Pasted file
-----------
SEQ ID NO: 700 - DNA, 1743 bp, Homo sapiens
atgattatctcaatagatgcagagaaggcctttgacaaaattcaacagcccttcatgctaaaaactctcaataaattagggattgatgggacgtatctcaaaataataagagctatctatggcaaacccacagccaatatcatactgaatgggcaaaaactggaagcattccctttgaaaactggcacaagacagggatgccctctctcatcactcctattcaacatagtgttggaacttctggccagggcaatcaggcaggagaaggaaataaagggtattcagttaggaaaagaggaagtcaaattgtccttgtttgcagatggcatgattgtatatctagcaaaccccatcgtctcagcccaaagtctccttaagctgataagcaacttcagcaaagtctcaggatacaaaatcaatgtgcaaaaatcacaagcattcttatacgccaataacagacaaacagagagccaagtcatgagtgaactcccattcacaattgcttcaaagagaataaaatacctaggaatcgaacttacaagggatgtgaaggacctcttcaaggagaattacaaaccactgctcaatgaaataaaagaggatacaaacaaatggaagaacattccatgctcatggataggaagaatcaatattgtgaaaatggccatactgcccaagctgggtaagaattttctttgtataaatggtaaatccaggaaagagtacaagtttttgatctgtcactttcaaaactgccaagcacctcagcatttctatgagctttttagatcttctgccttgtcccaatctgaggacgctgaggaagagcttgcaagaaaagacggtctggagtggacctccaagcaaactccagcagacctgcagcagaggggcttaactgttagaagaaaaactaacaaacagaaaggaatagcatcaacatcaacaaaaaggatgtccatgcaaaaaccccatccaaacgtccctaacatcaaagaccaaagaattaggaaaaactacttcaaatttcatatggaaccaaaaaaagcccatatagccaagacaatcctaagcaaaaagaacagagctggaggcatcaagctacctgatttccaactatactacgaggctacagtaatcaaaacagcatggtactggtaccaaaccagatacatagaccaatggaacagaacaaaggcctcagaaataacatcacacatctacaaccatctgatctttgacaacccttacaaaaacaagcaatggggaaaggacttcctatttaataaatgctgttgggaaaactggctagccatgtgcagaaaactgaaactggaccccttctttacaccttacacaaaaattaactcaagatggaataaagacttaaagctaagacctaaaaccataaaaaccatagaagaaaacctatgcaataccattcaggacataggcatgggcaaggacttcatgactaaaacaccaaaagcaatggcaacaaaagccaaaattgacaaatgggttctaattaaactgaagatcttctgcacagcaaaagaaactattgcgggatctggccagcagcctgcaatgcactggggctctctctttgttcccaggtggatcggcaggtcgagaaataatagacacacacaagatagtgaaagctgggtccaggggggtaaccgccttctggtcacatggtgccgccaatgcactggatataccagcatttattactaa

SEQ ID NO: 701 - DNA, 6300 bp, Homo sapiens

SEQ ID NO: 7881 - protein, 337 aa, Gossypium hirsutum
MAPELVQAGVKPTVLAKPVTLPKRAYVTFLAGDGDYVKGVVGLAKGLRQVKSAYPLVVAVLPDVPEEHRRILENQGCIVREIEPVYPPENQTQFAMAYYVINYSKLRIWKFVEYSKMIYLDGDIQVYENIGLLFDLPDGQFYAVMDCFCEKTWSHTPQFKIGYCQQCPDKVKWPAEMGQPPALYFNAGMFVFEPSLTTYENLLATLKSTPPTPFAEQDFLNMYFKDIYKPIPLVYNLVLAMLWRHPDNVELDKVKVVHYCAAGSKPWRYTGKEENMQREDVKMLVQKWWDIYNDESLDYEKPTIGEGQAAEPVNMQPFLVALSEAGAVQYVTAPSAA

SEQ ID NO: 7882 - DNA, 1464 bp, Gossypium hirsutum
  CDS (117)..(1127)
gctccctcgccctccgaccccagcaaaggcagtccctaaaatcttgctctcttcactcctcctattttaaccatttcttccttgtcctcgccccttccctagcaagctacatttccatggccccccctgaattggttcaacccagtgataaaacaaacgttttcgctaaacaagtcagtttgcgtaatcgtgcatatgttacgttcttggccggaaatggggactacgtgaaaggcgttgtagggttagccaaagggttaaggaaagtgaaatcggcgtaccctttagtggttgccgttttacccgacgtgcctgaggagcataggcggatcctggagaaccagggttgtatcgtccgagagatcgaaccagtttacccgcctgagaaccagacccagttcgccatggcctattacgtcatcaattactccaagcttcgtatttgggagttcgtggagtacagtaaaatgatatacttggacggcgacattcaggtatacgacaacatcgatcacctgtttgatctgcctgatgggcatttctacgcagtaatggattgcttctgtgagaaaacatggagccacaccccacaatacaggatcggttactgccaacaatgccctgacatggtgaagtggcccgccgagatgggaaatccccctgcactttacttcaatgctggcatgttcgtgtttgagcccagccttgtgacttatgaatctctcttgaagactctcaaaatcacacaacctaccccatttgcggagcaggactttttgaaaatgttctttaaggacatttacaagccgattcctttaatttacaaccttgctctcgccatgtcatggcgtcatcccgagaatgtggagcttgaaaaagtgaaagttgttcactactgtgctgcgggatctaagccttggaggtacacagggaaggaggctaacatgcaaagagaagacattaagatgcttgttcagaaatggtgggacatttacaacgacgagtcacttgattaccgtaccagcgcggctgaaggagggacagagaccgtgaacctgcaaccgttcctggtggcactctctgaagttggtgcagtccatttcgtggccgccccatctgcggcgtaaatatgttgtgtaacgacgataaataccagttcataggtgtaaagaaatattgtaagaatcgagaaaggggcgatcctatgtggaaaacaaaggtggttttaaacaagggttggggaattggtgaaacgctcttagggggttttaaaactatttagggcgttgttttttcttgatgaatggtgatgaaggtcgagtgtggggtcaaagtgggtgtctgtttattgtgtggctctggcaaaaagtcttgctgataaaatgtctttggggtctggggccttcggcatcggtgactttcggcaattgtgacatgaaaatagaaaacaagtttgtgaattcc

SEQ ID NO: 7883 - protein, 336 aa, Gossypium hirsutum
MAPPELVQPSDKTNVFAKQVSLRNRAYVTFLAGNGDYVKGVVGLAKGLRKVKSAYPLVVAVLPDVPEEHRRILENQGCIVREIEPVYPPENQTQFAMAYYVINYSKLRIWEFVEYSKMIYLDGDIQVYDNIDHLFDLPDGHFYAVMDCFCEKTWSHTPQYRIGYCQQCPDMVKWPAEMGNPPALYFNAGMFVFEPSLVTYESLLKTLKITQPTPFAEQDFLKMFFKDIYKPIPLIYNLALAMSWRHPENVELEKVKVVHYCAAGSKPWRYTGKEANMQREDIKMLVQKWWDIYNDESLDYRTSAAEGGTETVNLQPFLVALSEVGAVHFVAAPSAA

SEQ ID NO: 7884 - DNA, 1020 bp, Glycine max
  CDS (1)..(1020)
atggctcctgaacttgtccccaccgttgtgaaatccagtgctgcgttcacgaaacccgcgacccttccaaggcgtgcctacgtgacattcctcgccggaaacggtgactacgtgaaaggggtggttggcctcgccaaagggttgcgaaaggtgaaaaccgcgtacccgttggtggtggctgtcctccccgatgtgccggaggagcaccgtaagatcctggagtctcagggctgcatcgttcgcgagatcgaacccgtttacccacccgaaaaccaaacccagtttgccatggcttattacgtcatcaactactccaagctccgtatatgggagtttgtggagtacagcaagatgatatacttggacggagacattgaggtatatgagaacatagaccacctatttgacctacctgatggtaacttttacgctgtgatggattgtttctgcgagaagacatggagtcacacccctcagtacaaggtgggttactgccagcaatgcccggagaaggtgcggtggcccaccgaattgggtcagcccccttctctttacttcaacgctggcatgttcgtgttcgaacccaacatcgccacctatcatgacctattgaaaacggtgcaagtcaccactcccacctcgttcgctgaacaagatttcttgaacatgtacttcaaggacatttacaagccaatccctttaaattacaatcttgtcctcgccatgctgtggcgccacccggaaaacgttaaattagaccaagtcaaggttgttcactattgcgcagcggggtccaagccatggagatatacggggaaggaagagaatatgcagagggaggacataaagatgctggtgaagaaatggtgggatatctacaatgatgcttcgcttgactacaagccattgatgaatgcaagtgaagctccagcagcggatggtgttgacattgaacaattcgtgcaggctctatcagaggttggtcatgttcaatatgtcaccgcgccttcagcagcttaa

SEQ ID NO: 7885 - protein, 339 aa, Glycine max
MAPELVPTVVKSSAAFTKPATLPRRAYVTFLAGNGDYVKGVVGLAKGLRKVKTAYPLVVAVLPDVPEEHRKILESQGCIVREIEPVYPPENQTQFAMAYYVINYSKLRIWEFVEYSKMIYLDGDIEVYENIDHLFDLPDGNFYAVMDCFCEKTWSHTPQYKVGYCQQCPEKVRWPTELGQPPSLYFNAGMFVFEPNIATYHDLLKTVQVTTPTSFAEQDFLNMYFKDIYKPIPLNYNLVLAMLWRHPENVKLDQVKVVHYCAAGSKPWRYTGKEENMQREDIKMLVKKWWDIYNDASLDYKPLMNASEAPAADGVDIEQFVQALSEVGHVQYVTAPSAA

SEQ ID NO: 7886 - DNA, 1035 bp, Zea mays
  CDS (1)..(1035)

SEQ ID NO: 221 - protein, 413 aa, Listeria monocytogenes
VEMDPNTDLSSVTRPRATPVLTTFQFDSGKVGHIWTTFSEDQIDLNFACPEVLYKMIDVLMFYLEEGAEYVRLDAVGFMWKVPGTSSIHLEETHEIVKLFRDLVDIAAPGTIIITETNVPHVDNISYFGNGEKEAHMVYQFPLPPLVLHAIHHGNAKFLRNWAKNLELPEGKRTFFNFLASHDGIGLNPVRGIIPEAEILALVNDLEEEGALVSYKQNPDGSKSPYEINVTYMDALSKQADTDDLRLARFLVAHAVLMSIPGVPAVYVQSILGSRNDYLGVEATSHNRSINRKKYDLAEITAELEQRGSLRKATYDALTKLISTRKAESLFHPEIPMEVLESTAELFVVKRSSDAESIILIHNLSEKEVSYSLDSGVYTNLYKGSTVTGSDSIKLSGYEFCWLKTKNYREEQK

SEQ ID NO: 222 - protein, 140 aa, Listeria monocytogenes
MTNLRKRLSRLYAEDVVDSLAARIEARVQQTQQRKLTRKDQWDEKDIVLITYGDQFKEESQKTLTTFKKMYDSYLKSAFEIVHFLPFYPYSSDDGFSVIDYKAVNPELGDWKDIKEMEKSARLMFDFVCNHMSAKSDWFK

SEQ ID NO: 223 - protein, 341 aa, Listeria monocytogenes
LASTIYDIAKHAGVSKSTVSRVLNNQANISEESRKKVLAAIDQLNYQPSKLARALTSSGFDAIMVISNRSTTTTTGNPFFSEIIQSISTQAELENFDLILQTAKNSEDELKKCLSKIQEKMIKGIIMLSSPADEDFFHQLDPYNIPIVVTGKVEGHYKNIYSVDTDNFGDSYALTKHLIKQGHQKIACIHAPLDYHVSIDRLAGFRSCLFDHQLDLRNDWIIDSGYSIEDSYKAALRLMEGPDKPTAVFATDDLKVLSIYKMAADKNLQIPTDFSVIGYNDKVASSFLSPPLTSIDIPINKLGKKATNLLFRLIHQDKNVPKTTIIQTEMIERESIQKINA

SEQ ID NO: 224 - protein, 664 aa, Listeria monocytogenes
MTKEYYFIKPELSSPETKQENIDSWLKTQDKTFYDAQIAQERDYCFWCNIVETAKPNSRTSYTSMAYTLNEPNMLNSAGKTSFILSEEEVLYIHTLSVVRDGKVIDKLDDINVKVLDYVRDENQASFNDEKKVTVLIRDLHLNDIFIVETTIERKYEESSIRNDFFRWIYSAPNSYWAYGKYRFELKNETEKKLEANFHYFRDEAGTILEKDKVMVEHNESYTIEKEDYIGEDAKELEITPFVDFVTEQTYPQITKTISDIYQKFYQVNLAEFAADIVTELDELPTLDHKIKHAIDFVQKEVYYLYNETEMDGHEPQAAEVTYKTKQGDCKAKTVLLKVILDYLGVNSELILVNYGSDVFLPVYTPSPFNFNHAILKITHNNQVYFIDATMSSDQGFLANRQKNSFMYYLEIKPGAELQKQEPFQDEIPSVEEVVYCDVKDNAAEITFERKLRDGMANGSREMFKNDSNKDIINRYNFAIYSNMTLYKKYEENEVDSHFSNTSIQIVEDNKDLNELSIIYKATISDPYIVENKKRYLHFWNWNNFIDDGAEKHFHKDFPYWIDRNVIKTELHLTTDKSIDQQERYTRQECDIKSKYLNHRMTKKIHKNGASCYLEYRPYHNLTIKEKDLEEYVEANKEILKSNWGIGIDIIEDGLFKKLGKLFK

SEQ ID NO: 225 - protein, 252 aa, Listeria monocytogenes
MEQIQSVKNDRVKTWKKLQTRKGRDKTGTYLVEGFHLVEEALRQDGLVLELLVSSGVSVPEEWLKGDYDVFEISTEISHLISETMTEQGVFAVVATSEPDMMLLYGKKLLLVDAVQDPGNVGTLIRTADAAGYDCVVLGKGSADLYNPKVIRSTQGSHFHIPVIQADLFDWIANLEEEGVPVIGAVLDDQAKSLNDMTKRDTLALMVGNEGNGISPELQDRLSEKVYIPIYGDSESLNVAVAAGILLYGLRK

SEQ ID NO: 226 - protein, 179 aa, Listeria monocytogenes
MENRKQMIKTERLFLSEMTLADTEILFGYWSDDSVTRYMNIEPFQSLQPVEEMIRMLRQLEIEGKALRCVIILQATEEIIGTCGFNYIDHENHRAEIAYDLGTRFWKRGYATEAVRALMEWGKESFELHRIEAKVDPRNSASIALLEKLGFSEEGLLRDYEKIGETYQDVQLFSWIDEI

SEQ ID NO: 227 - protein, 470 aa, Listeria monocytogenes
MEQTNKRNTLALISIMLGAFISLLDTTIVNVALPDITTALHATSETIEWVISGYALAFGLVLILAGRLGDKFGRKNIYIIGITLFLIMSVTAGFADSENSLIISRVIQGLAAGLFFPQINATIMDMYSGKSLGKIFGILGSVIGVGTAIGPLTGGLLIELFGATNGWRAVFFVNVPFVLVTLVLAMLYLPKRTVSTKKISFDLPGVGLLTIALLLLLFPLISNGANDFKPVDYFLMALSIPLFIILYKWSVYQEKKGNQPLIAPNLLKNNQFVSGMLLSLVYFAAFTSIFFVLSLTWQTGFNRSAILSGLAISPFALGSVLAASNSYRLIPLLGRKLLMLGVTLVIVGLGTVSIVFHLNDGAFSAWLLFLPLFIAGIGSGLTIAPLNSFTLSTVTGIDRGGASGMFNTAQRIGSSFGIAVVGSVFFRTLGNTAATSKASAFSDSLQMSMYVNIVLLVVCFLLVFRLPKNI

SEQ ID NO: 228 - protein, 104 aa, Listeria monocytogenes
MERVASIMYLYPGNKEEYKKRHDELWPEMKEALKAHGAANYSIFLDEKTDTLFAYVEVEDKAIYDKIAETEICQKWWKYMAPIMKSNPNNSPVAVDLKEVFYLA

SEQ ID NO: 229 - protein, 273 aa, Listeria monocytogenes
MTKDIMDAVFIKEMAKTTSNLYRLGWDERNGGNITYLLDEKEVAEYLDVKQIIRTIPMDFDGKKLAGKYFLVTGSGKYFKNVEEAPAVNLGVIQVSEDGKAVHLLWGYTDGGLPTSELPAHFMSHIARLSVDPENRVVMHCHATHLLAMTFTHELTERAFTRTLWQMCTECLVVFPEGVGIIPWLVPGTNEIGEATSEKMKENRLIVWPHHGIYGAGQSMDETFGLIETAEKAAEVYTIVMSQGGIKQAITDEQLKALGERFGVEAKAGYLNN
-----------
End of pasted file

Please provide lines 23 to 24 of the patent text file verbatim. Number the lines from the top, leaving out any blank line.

LASTIYDIAKHAGVSKSTVSRVLNNQANISEESRKKVLAAIDQLNYQPSKLARALTSSGFDAIMVISNRSTTTTTGNPFFSEIIQSISTQAELENFDLILQTAKNSEDELKKCLSKIQEKMIKGIIMLSSPADEDFFHQLDPYNIPIVVTGKVEGHYKNIYSVDTDNFGDSYALTKHLIKQGHQKIACIHAPLDYHVSIDRLAGFRSCLFDHQLDLRNDWIIDSGYSIEDSYKAALRLMEGPDKPTAVFATDDLKVLSIYKMAADKNLQIPTDFSVIGYNDKVASSFLSPPLTSIDIPINKLGKKATNLLFRLIHQDKNVPKTTIIQTEMIERESIQKINA

SEQ ID NO: 224 - protein, 664 aa, Listeria monocytogenes